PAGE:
Katie Ledecky has made history at the world championships, and she’s not done yet.
In front of her family, the American won the 1500-meter freestyle by 19 seconds at the World Aquatics Championships in Budapest on Tuesday. Her time of 15:31.82 was the fourth fastest in history.
The win gave the 20-year-old Ledecky her 12th career gold medal at the world championships, the most by a woman. She was also the first three-peat winner in the event. It was her third gold medal of the meet.
But Ledecky didn’t have long to celebrate, as she has a chance to add to her medal haul. Back in the pool later for the 200m free, Ledecky reached Wednesday’s final with the top semifinal time of 1:54.69.
“I was really just focused on the mile to begin with,” Ledecky told NBC. “I just warmed up for that and then was just in a really good spot mentally, I think, after the mile, and could kind of just pretend going into the 200m like I didn’t have the mile beforehand. So just approached it like any other race.”
In addition to the 200m free, Ledecky is scheduled to compete in the 800m free, which she is the favorite for, and the 800m free relay, which she has a good chance to win as well. Preliminaries for the women’s 800m begin Friday.
Ledecky’s other gold medals at this year’s worlds have come in the 400m free and the 4x100m free relay.
In addition to Ledecky’s dominance, American Lilly King and Russian Yulia Efimova resumed their rivalry in the 100-meter breaststroke on Tuesday, giving flashbacks to the Rio Olympics.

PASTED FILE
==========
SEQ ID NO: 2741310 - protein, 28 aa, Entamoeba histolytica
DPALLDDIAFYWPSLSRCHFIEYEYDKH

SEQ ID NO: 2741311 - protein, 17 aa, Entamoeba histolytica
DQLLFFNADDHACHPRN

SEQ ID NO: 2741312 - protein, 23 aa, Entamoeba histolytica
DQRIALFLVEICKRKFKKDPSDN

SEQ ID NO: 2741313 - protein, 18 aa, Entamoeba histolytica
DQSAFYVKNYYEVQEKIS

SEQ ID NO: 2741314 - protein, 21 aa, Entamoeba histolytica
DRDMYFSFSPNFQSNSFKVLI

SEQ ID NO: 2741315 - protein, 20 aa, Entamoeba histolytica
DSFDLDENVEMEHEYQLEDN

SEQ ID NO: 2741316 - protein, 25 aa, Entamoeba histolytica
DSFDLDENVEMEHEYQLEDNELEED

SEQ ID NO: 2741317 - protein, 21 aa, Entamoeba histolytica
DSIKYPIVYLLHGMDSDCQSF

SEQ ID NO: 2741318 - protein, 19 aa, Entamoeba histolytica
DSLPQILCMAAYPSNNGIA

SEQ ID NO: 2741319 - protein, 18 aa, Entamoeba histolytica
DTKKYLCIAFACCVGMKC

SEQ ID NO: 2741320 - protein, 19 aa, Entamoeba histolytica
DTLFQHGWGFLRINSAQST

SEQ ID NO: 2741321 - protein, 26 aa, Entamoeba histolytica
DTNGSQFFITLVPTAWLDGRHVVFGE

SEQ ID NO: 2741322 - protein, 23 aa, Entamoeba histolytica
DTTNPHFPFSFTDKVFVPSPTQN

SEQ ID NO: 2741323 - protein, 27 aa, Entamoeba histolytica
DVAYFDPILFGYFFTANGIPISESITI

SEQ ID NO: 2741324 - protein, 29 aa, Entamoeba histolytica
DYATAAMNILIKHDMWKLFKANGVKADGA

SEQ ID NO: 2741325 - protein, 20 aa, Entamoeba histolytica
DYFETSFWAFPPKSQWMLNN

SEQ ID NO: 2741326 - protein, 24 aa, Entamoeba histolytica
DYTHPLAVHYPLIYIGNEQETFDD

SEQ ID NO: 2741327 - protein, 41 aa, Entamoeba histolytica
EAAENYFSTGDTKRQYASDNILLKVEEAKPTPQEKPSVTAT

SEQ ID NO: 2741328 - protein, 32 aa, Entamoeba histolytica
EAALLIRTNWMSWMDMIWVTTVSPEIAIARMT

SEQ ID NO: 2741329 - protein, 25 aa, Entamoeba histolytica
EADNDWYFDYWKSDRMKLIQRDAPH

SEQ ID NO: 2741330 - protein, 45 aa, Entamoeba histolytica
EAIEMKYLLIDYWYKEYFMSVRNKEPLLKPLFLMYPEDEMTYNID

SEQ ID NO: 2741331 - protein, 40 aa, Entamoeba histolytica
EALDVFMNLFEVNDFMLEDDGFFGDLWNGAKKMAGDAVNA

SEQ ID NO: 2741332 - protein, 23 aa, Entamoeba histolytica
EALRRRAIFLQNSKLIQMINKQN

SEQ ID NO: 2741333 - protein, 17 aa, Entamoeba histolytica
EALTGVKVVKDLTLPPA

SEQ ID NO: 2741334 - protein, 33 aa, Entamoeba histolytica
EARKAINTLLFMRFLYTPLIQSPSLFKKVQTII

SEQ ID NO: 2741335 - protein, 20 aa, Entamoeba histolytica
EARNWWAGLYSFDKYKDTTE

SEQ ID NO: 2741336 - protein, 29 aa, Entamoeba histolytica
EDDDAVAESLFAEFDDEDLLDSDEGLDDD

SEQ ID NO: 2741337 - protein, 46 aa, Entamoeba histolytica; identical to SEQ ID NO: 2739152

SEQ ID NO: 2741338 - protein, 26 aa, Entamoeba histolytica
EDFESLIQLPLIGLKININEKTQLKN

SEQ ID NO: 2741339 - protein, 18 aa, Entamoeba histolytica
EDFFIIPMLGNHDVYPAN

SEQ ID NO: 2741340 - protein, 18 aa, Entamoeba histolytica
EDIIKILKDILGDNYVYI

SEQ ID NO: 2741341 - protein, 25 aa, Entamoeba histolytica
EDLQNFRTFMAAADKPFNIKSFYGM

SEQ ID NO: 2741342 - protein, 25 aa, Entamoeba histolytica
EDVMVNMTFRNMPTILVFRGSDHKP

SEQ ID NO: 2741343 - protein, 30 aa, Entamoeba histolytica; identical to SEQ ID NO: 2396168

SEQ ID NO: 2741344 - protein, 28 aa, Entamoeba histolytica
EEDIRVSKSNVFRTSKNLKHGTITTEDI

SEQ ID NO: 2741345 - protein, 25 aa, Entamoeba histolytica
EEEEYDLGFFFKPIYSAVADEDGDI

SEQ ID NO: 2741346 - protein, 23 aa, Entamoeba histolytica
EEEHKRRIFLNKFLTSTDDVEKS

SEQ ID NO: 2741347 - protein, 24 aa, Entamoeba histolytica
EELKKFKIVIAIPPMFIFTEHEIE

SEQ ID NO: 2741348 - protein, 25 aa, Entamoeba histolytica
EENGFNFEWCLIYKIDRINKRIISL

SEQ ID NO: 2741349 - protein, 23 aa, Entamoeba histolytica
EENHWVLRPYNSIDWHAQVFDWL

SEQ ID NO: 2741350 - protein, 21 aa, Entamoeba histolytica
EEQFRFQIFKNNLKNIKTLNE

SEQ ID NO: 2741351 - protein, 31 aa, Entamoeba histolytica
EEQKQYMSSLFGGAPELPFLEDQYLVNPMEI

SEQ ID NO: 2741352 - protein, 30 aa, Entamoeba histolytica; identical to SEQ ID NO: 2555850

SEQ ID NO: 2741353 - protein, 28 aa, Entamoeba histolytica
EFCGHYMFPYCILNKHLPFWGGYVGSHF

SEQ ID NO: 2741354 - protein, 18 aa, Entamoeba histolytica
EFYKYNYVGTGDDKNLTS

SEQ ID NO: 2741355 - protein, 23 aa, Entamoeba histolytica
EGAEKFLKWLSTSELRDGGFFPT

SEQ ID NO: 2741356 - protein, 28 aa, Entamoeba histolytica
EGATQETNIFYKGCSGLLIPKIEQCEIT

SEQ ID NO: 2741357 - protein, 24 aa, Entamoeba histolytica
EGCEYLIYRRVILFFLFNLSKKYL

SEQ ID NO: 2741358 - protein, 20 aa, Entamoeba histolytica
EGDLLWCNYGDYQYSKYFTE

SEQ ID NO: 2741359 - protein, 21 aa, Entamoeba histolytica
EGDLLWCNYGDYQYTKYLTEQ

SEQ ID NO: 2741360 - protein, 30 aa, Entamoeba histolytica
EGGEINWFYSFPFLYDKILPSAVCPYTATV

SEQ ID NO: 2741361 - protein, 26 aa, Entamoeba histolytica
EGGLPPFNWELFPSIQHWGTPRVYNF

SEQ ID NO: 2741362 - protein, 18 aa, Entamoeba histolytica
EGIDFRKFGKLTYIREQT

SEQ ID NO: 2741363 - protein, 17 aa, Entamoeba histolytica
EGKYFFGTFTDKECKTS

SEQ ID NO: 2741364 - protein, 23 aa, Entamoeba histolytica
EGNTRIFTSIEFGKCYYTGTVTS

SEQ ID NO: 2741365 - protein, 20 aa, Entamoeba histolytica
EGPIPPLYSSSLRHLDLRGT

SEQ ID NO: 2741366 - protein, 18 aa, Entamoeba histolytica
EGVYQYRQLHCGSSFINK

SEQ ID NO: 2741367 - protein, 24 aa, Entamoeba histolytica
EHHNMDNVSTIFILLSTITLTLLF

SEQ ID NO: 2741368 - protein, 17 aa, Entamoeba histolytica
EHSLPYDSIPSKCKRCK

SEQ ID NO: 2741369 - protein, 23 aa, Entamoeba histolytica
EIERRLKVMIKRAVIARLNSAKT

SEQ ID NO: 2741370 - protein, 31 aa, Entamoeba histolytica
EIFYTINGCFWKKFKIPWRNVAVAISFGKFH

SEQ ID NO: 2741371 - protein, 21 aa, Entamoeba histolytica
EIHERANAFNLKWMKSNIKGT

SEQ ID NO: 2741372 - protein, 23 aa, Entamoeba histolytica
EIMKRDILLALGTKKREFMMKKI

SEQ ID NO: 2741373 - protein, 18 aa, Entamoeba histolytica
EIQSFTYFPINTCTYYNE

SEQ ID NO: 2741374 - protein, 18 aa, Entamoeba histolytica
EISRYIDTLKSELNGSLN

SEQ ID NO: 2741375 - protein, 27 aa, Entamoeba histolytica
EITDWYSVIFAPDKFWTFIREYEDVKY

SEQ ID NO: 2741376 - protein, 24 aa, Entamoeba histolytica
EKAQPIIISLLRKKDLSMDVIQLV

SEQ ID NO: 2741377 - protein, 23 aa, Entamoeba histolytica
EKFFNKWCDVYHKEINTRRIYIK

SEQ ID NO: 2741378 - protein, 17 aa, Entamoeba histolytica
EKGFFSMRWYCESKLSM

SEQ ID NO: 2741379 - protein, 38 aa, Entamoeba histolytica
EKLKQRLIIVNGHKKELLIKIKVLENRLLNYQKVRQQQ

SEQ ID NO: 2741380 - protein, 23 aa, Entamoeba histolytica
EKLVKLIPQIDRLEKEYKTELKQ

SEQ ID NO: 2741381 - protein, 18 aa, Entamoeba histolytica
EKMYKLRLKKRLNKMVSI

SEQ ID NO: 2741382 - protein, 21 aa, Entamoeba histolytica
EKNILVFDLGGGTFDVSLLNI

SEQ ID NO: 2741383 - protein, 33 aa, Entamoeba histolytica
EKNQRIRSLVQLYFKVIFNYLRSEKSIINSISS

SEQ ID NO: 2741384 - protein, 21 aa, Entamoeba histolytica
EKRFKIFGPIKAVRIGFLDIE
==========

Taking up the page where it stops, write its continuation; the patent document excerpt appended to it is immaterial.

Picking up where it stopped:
A year ago in Rio after winning her semifinal heat of the 100m breaststroke, the Russian gave a No. 1 signal with her finger, which in turn offended King. King responded at the time by wagging her finger at the image of Efimova, later telling NBC, “You’re shaking your finger No. 1, and you’ve been caught for drug cheating. I’m just not a fan.” The American went on to win gold in the event.
On Monday at the world championships, Efimova gave a finger wag after winning her semifinal heat. King’s response Tuesday was with another gold-medal performance, breaking the world record in the process, touching the wall in 1:04.13. Fellow American Katie Meili took silver, while Efimova settled for bronze.
Following her win Tuesday, King slapped the water in celebration and embraced Meili, telling NBC that she couldn’t have asked for a better finish.
The world championships conclude on Sunday.